Planning a Latvia Vacation with Kids
Places to Visit in Latvia with KidsRiga Region
makes a great starting point for any Latvia trip, especially when traveling with kids. The capital boasts a huge list of attractions like parks and museums, plus shopping malls, cinemas, arcades, and entertainment venues. For a bit more nature, head to Jurmala
, a city surrounded by rolling hills, lush pine forests, and white sand beaches. Vidzeme Region
offers plenty of outdoorsy Latvia vacation ideas, where you can get away from the noise of busy cities. Keep an eye out for charming villages, too, where kids can learn about Latvia's culture and explore the handmade crafts and sweets available in most areas.
Things to Do in Latvia with Kids
Filling your Latvia itinerary with kid-friendly activities is fairly easy. In Riga Region
, check out the numerous parks, like Pilsetas kanals
, a lush space with medieval canals once used as barriers between the town and its enemies. Today, the park is a peaceful escape with gardens, kayaks, and lots of ducks to feed. If animals strike your children's fancy, head to Riga Zoo
, home to some 500 species and 4,000 critters in all. Get up-close-and-personal with the residents in the reptile room, watch the leafcutter ants at work, or pet a goat kid in the petting zoo.
, look for Livu Akvaparks
, a waterpark featuring indoor and outdoor attractions for children and adults alike. Whether the family enjoys thrilling slides and wave pools or lazy rivers and sun loungers, this attraction has it all. If you prefer to swim in a more natural, quieter setting, head to Jurmala Beach
, with white sand and calm waters for easy swimming. Cafes and restaurants are placed alongside the shoreline for convenience, and an abundance of water sports like kayaking are also offered.
Summer is a perfect time to hike around in Vidzeme Region
, or, if you've come during the winter, head up the mountains for some skiing. Many of the resorts here offer classes for every skill level and age, so the whole family can enjoy the activity.
Tips for a Family Vacation in Latvia
If you're sightseeing in Latvia with little ones and don't want to lug a stroller all over the place, many large cities offer rentals. Look up children's equipment rental services in the area where you'll be staying for strollers, car seats, and more. Delivery and pick-up services are often offered as well.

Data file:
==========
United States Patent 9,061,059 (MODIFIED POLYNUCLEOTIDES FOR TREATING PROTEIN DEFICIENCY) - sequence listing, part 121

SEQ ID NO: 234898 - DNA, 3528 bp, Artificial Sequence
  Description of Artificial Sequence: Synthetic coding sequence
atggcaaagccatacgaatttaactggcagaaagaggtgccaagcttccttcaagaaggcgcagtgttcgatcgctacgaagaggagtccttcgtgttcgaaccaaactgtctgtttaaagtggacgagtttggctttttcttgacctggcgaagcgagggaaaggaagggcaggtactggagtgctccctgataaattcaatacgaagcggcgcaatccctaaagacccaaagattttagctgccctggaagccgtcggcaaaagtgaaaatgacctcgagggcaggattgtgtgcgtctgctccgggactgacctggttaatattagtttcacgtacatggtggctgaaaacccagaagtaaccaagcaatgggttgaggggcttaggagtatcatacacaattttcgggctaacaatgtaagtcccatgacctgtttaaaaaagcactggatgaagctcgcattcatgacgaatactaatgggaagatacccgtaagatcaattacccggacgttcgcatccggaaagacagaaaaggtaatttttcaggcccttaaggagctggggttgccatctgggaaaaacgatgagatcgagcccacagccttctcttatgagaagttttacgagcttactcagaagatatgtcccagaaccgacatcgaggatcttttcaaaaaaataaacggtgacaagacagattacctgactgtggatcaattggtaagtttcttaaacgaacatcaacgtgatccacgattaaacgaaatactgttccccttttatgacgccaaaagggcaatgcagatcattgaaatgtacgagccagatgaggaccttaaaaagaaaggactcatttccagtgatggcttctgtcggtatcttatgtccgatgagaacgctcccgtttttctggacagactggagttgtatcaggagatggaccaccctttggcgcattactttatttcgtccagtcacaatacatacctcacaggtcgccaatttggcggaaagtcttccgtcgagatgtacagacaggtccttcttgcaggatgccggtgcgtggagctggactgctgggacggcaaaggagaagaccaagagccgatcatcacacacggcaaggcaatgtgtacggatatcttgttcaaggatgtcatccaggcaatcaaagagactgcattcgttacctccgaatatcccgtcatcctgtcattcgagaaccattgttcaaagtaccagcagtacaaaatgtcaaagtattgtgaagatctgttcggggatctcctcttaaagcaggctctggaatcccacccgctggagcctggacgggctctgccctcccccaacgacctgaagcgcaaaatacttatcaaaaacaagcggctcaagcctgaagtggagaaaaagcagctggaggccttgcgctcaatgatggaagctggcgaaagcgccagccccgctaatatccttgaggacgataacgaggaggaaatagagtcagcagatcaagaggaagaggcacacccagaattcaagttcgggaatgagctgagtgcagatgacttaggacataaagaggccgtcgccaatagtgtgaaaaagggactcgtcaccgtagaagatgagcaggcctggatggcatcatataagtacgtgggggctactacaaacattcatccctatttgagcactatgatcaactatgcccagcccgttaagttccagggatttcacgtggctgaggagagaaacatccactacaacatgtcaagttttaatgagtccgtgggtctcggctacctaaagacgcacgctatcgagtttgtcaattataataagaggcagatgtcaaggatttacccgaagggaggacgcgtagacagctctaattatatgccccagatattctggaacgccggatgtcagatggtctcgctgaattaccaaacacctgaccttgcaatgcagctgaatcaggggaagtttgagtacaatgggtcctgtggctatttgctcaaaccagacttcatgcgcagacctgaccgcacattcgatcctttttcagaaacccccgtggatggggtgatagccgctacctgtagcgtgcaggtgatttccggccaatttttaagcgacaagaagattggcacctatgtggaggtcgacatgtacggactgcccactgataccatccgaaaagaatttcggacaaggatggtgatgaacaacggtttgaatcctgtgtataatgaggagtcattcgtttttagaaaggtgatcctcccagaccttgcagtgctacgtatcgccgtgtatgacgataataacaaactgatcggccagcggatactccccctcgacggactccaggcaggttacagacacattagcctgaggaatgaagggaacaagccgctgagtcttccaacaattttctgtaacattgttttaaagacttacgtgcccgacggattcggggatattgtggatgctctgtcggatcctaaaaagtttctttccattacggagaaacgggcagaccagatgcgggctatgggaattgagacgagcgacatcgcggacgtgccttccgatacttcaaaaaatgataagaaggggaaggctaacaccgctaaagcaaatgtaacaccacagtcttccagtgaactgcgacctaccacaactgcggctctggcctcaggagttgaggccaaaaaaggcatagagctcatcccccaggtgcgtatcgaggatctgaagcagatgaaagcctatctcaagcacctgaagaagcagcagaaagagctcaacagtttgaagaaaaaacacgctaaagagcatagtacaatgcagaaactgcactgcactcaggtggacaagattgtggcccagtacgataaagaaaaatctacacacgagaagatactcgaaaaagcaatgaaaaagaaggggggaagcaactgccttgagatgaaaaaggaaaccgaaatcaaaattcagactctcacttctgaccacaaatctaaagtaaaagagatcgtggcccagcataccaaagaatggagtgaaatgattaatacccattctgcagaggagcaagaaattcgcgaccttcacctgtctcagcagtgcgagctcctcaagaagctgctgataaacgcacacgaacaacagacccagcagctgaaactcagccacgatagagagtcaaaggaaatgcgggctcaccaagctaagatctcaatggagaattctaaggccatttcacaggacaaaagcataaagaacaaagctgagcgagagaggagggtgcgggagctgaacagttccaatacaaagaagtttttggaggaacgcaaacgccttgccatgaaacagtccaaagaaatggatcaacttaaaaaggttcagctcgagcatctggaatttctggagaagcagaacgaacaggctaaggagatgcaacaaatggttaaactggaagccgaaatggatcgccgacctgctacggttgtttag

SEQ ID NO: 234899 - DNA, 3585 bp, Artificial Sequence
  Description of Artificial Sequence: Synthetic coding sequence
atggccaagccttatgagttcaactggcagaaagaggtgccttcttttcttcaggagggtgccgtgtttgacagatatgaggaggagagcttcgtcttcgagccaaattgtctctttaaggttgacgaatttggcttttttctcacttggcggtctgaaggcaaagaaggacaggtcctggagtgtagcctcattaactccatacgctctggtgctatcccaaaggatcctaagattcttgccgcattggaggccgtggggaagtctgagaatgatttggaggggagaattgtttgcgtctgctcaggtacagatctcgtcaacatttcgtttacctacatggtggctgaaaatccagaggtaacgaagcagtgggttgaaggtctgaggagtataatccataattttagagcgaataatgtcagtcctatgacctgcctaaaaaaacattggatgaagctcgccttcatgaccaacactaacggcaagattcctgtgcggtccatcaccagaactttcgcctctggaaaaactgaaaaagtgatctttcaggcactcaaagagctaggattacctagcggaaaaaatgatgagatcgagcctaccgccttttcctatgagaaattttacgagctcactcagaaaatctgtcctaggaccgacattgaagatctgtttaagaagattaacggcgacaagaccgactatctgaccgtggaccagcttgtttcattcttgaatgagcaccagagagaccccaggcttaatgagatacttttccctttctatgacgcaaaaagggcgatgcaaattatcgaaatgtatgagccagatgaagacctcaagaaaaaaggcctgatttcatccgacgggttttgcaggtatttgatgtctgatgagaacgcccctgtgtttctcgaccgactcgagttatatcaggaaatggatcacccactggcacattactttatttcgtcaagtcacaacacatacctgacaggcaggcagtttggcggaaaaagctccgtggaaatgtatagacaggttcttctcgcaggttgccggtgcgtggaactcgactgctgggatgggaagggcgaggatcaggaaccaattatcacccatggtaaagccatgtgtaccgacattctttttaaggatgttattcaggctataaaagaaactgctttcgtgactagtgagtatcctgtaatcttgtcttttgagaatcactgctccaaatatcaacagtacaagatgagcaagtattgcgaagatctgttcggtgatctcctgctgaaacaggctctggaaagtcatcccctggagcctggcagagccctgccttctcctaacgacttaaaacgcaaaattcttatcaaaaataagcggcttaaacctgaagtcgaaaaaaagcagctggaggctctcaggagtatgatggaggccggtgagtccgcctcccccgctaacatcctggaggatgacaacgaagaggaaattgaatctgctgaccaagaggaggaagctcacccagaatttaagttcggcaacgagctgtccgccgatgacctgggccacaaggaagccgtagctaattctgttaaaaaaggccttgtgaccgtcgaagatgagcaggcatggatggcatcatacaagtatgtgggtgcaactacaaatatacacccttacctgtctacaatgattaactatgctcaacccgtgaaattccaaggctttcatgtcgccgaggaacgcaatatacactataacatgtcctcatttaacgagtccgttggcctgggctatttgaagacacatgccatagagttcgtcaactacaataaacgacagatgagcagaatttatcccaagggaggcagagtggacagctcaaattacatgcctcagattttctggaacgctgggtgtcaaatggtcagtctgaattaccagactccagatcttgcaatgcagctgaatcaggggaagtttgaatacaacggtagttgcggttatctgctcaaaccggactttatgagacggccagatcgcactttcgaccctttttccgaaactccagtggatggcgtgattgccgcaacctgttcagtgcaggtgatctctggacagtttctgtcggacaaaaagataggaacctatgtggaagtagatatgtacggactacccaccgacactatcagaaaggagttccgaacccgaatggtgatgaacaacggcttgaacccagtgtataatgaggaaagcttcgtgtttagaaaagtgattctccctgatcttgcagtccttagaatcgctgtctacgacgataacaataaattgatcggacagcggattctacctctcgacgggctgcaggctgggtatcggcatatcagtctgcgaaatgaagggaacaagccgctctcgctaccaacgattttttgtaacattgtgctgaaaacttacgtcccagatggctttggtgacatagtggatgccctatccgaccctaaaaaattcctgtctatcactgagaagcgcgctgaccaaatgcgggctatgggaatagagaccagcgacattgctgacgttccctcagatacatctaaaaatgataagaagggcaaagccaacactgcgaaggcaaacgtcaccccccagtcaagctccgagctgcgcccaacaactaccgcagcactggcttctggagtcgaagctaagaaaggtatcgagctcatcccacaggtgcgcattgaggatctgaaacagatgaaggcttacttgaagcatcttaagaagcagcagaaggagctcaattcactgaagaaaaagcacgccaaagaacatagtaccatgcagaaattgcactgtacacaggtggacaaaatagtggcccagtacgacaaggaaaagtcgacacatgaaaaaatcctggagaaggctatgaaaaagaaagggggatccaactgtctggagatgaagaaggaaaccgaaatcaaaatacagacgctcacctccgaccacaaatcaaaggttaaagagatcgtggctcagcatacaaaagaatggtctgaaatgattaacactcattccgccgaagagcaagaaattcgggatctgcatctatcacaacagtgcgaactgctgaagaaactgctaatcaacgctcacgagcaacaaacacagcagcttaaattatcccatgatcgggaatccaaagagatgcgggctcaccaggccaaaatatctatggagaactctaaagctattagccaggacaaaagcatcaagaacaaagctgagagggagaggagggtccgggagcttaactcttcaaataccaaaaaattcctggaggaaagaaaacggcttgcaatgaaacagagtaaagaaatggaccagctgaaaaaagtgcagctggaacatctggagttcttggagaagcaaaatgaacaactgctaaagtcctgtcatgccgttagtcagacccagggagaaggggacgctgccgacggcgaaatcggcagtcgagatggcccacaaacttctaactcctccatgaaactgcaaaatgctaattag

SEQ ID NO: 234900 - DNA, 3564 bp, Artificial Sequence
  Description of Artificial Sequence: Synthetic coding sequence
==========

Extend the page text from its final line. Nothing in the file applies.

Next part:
Dining and Shopping on Holiday in Latvia
Cuisine of Latvia
Pork features prominently in Latvian cuisine, so expect to almost always see it in one form or another with every Latvian meal. Even if you order a dish without pork, the chef may cook the food in bacon fat, so be very careful if you prefer to avoid pork. Eating light on your Latvia vacation may be a challenge, as dishes tend to be very hearty. Potatoes are the most common vegetable, whether boiled, fried, or mashed, though boiled buckwheat ("griķi") can sometimes be requested as a substitute.
Shopping in Latvia
If shopping is your game, you'll have the most choices in Riga
. Popular brands like Armani, Calvin Klein, Zara, Gucci, and many more are available on high-fashion shopping streets and malls. However, if you're looking for a more unique souvenir, try outlying villages and old towns and look for special handmade products like linen, wooden toys, and dolls.
Know Before You Go on a Trip to Latvia
History of Latvia
Originally settled by Baltic tribes in 3,000 BCE, Latvia emerges in ancient history when it established trade routes to Rome and Byzantium and traded amber for metals. Official government was eventually developed by the tribes in the 10th century CE, but Germany controlled the land by the 13th century, when German crusaders sought to convert the pagans by force.
The following years were turbulent for Latvia, when its territory was divided among foreign powers. After the Livonian War, Latvia fell under Swedish and German rule. Although the ancient Baltic tribes had emerged to form the Latvian people with a united language, the boundaries of Latvia's land had still not been established. Tsarist Russia took over the territory in the 18th century, and during the Great Northern War many of its citizens died of plague and famine.